I’ve been involved in the cut and thrust world of VFX for almost 15 years. In that time - almost exclusively at MPC - I’ve been fortunate to get a taste of how different global advertising markets operate. I began in London, then feet first into the frenzied pace of Mexico City, followed by the excitement, big brands and A-list directors of Los Angeles before finding myself in Shanghai, where I’ve spent the last two years.
I can honestly say the China market and Asia in general is a different beast. A non-stop, frantic, behemoth. China’s advertising industry, like the Chinese economy, especially here in Shanghai, has grown exponentially over the past decade.
I can sense that rapid change continuing unabated, regardless of the Covid-19 global slow-down. The market here is maturing, evolving, developing before our eyes – almost, you might say, faster than it can keep up.
Let’s delve deeper into some numbers. In terms of advertising spend the Chinese industry is second only to the United States. A distant second for sure, with $87.53b spent in 2019 compared to $243b in the US, but second none-the less. And almost double that of third-place Japan. But with Covid-19 still hitting the US you would expect the 2020 figures to drift closer.
The way brands now target consumers has transformed dramatically over the last few years linked strongly to the power and usage of mobile internet. China is the largest telecom market in the world. In 2019 mobile subscribers with telecommunication companies in China reached 1.5b. Home broadband speed has also risen substantially. In December 2017 only 38% of Chinese households had internet speed in excess of 100mbps. Now that number is close to 90%.
A quick glance at China’s fastest growing industries reveals a close link to the possibilities of digital advertising. Internet services, e-commerce and online gaming are projected to be amongst the top sectors in terms of growth for 2021. And looking further ahead, China is spearheading the rise of 5G capabilities. By 2025 it is expected to be the world’s largest and leading 5G market. These developments have created an industry of vast potential. Chinese tech giants have created platforms that allow brands to penetrate the consumer market in ways that until recently were not possible.
To western eyes you can argue that the Chinese industry is still developing in terms of what we perceive as creatively-led campaigns and the origination of strong, bold ideas. You only have to keep abreast of the local industry events and festivals to see that China is underrepresented when it comes to creative recognition. The region’s creative festivals are dominated by Australia and New Zealand, with Japan, Thailand and Vietnam also showcasing strong work.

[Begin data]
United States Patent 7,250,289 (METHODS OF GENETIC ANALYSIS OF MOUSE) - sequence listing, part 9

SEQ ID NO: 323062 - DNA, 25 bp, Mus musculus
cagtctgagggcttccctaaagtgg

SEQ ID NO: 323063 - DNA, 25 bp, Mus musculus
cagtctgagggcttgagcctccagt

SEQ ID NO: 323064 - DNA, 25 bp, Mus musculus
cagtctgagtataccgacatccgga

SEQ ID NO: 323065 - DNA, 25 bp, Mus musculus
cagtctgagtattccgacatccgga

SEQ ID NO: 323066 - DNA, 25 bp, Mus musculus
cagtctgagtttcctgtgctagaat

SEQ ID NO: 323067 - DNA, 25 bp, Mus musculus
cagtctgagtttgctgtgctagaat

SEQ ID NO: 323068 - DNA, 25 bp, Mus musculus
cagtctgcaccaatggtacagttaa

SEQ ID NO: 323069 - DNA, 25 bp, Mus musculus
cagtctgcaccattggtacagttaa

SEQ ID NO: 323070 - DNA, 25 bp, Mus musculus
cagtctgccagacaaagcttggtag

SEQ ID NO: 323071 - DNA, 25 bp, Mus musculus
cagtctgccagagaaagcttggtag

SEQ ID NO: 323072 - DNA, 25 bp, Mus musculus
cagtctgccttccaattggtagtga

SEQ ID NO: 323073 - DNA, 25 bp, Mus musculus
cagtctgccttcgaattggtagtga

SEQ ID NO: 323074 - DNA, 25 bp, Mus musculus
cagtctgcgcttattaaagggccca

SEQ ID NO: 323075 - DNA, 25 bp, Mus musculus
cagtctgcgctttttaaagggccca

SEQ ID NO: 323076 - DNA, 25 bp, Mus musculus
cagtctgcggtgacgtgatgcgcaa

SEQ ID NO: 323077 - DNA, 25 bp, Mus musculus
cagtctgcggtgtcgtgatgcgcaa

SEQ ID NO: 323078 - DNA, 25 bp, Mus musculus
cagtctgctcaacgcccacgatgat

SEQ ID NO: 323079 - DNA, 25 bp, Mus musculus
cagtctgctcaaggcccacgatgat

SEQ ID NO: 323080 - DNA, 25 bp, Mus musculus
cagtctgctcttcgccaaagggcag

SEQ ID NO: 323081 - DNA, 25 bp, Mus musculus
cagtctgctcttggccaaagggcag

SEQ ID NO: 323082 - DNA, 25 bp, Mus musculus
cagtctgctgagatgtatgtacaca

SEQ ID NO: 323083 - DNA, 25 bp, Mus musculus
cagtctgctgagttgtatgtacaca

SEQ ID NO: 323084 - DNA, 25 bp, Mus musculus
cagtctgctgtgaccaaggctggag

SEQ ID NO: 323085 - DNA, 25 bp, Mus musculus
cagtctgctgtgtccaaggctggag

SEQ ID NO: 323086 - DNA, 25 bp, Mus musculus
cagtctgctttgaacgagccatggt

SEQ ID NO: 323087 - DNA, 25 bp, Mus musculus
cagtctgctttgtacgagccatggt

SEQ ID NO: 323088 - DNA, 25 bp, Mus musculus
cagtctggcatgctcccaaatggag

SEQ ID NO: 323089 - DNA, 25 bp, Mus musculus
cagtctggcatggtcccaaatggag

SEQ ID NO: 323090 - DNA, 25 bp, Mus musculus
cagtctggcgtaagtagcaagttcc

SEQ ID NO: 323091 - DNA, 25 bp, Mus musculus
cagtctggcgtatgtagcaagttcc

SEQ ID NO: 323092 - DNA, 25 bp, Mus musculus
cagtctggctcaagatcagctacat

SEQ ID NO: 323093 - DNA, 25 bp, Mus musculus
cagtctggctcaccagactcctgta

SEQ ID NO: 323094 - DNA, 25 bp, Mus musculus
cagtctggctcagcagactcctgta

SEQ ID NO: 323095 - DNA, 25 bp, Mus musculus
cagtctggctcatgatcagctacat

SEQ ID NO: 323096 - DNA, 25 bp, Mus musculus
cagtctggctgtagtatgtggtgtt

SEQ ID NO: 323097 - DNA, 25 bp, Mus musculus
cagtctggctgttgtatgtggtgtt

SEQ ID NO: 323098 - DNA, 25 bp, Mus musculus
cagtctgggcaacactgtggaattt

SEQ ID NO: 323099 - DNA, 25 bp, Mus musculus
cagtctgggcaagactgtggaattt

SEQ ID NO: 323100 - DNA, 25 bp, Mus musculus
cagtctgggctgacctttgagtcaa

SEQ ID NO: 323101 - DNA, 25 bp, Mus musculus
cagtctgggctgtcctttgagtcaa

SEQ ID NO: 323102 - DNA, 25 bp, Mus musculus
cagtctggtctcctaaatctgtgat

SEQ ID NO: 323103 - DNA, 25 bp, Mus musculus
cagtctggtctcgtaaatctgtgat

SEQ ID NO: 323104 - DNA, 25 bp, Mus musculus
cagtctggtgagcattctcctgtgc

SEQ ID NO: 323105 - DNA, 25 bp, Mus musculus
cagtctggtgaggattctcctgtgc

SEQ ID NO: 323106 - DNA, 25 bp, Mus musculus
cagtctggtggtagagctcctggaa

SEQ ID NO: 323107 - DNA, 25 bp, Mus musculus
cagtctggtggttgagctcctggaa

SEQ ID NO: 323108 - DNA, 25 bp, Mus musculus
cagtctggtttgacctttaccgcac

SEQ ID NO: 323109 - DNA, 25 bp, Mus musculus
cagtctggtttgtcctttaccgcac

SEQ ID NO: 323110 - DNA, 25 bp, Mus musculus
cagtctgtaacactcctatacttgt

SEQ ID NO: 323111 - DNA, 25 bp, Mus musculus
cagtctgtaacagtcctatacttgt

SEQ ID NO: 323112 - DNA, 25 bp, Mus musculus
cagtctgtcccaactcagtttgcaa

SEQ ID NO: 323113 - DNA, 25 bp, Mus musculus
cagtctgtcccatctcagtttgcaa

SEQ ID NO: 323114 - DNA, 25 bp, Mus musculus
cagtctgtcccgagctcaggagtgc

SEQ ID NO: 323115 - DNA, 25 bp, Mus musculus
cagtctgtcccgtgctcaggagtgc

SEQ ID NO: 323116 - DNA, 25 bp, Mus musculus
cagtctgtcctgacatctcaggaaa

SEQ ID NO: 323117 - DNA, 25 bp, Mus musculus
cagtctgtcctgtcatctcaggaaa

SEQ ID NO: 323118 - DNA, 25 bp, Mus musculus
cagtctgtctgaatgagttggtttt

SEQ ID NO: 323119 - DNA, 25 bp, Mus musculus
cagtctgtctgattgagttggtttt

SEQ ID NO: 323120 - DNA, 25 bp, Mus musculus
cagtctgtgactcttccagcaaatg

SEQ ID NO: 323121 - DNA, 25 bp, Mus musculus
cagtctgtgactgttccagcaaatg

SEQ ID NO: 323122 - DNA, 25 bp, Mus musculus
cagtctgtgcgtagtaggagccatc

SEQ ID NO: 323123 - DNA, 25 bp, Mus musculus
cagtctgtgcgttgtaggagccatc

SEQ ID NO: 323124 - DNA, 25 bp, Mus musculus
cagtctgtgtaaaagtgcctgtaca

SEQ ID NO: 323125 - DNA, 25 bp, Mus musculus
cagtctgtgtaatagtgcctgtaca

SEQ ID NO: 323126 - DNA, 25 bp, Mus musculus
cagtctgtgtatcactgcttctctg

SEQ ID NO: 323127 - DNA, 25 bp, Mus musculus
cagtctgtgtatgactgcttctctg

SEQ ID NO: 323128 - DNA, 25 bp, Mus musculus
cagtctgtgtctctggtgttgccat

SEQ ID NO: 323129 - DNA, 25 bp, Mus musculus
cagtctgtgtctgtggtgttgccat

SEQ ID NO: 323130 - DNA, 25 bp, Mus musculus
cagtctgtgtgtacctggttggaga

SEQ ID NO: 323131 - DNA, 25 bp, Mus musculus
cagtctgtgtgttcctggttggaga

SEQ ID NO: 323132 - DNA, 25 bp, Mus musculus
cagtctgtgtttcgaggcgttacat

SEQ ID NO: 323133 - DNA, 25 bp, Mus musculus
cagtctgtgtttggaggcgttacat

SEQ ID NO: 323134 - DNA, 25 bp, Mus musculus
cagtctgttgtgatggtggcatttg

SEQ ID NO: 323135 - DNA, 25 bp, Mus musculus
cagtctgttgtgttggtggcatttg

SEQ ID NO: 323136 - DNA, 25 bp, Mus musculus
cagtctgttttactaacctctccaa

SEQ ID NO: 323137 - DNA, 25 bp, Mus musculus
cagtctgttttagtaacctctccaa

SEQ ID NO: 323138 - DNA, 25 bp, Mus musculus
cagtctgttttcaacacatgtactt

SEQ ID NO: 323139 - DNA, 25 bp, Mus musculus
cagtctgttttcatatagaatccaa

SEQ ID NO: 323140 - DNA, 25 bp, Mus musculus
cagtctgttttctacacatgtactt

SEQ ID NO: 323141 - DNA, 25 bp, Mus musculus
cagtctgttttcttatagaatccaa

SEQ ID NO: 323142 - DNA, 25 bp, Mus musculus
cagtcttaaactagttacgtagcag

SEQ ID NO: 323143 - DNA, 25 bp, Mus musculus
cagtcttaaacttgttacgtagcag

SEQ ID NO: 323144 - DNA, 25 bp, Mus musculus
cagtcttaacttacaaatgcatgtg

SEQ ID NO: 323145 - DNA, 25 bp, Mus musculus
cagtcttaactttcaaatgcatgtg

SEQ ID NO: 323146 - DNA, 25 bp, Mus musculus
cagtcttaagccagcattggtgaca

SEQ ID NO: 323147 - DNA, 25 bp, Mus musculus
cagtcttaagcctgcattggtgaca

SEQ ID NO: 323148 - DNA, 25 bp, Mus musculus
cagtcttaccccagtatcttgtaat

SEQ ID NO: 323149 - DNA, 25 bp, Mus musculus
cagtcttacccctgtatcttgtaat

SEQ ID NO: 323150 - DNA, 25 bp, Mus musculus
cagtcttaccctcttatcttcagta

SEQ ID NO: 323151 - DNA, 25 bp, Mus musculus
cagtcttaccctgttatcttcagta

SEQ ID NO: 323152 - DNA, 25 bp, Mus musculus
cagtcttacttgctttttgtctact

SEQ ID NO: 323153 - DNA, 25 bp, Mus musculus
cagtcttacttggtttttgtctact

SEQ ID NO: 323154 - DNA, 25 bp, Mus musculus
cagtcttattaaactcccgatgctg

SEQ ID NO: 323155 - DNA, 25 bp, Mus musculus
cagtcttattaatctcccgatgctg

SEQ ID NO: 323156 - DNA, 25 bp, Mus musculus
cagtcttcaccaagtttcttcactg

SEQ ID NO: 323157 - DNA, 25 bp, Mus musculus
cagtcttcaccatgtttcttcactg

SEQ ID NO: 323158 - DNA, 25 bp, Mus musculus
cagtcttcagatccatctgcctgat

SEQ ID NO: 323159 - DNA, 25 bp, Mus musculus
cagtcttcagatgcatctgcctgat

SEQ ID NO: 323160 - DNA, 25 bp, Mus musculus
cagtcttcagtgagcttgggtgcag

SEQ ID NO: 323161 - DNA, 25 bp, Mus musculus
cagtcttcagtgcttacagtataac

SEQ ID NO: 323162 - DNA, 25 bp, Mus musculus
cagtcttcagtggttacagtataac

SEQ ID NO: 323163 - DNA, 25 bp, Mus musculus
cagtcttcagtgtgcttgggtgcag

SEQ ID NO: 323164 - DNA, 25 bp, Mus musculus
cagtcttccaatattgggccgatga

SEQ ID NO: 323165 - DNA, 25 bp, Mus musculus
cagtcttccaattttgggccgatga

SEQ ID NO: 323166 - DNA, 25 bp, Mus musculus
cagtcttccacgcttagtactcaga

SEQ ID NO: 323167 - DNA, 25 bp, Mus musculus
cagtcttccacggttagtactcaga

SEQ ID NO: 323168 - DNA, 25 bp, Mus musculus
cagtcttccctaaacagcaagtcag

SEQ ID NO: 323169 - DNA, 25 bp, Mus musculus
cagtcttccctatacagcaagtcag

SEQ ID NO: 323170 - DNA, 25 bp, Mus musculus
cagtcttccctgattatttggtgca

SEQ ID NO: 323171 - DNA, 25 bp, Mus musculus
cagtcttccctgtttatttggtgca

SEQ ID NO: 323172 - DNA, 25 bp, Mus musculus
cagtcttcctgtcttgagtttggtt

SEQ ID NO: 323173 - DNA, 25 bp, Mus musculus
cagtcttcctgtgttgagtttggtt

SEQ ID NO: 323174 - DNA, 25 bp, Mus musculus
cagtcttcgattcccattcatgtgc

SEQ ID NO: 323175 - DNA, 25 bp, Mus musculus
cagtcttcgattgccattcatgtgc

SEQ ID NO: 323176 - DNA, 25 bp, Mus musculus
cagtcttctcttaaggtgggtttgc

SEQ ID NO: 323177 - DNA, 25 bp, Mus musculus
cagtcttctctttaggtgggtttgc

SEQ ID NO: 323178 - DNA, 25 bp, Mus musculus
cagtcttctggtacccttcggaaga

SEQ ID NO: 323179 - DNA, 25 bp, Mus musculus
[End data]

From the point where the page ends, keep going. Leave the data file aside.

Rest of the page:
But it’s important to note that both Chinese clients and agencies judge a campaign’s success based on ROI, not awards on a shelf. In that sense it is still a very traditional advertising landscape – and based on delivering sales and clear consumer growth, a successful one.
Due to its traditional outlook, there is a lack of forums for engagement and discussion of creative work, places where likeminded industry members can view, engage in and promote their work. This is an area of the industry that is developing slowly and I’m confident will expand over the next few years.
China’s advertising industry has thrown itself into the digital revolution. It’s growth in terms of technology and potential outreach will send seismic shocks throughout the global industry in years to come.
At MPC Shanghai, it’s been a thrill to be part of such a fascinating and growing industry. It has been a privilege to gain a first-hand sense of China’s growing importance and prominence in global advertising. Eyes are moving Eastward to tap into this massive potential.
As a creative company, we hold a certain responsibility to help guide and support our partners, whether they be agencies, directors or brands, to ensure the end product is as good as it can be when viewed on whatever screen people choose to view it on. We have grown from what used to be seen as a ‘post-vendor’ to a creative partner. Clients look to us to be part of the creative process and offer insight and solutions. To be creators.
One of the impacts of Covid-19 is a greater onus on companies like MPC to play a bigger role in creative guidance and leadership. With Covid-19 curtailing international travel, greater opportunity has arisen for talent within China to showcase what it can do. We have felt this at MPC Shanghai with a significant increase in demand for our in-house directing talent. But local directing talent within China has also benefited and some memorable work has been produced this year. In different circumstances that work would undoubtedly have gone to international directors.
China’s unparalleled scale and technological growth, coupled with far greater accessibility and potential outreach, has placed the industry amongst the world leaders. But how it harnesses that power, and how it develops the creative content that is produced, is sure to make it a market to keep your eye on.
Professionally, there’s no place I’d rather be.
- Jamie Loudon, head of production, MPC Shanghai